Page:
Friday, April 28, 2017

An Interview With Dana King

Although Dana and I have not quite met, we have known each other for years on Facebook and on online blogs. Right from the start, his stories impressed me along with his thoughtful blog and our interchanges on Facebook. GRIND JOINT was a favorite of mine a few years back. We catch up with him a few books later here.

Let's start with an elevator pitch of RESURRECTION MALL. 

Televangelist Christian Love has outgrown his church and studio in Pittsburgh. He sees an opportunity to expand his footprint by converting an abandoned shopping center into Resurrection Mall, a facility that caters to religious-themed businesses, with his expanded church and broadcasting facility as the anchor. What he doesn’t take into account is Res Mall is near the center of Penns River’s burgeoning drug trade, where having the Lord on your side isn’t as helpful as one would hope.

1. Did you always plan to write?

Nope. My dream was to play trumpet in a symphony orchestra. Got a Master’s in Music and everything. There was a catch. Remember those ads for the pro golf tour? These guys are good? Well, those trumpet players are really good.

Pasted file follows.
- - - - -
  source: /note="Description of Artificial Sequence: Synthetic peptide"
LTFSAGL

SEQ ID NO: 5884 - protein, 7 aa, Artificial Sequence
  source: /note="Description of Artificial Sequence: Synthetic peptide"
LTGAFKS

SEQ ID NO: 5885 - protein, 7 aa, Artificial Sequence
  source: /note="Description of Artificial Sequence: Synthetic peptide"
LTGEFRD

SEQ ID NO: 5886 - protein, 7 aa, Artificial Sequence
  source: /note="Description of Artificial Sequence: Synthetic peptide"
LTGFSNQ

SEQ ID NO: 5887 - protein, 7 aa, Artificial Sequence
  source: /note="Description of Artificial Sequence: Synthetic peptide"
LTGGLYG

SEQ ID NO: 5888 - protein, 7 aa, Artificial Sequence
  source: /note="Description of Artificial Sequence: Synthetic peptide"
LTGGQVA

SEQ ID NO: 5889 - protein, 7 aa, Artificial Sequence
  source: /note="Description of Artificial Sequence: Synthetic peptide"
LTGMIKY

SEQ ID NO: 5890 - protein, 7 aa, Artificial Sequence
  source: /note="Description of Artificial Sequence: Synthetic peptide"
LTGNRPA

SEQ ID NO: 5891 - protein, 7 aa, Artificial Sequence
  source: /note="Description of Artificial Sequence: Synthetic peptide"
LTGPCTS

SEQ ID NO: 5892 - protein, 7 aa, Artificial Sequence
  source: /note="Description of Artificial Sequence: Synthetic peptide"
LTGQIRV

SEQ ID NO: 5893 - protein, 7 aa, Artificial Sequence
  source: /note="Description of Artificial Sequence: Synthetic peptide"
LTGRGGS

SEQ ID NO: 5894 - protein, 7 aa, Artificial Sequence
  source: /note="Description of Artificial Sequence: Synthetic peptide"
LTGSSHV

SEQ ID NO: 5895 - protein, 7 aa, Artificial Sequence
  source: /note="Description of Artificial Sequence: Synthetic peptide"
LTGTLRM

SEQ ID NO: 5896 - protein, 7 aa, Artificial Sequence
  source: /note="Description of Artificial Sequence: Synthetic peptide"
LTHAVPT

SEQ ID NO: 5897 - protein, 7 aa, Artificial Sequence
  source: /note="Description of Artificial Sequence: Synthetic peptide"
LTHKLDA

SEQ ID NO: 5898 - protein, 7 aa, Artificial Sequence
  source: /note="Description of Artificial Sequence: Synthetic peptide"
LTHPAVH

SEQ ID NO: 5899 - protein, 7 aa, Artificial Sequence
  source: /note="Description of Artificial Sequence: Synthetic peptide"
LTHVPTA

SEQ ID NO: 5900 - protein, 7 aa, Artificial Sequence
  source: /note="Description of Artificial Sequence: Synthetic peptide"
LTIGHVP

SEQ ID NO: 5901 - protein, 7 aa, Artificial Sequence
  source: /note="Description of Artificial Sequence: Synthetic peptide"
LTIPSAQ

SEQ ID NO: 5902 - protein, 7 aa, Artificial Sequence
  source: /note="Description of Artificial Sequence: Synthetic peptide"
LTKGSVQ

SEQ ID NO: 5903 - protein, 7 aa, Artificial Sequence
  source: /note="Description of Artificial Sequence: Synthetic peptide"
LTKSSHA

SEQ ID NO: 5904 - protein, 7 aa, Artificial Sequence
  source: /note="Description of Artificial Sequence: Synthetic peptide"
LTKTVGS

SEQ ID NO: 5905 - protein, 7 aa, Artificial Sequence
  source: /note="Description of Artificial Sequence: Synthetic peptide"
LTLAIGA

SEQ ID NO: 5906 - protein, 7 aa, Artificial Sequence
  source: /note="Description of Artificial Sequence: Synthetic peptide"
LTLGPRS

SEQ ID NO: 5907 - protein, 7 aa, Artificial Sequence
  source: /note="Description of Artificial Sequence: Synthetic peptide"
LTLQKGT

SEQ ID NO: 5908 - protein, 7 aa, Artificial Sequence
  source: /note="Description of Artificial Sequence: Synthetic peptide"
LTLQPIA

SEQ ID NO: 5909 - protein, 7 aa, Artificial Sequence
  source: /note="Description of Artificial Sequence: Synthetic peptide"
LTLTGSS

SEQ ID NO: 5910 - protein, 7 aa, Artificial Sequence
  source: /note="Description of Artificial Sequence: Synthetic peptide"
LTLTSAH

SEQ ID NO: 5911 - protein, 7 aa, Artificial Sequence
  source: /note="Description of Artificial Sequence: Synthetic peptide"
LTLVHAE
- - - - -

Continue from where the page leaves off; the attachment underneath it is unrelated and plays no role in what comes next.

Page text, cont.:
2. Do you have a writing routine or do you approach it differently day to day?

I’m very much a routine writer. On work days I write every evening after supper. On days off I get in a couple of hours mid-afternoon, with a set amount of work I have to complete each day. If I miss a day I have to make it up.

3. Do you have a first reader? 

I have a first listener. I read each chapter to The Beloved Spouse as it’s finished, both first and last drafts.

4. Do your ideas for novels start with character, story, setting or something else?

All the ideas for Penns River novels have to be something I can reasonably make happen in the town. How the story progresses and shakes out will have a lot to do with the nature of the characters, but the town comes first.

5. What writers have influenced your writing the most?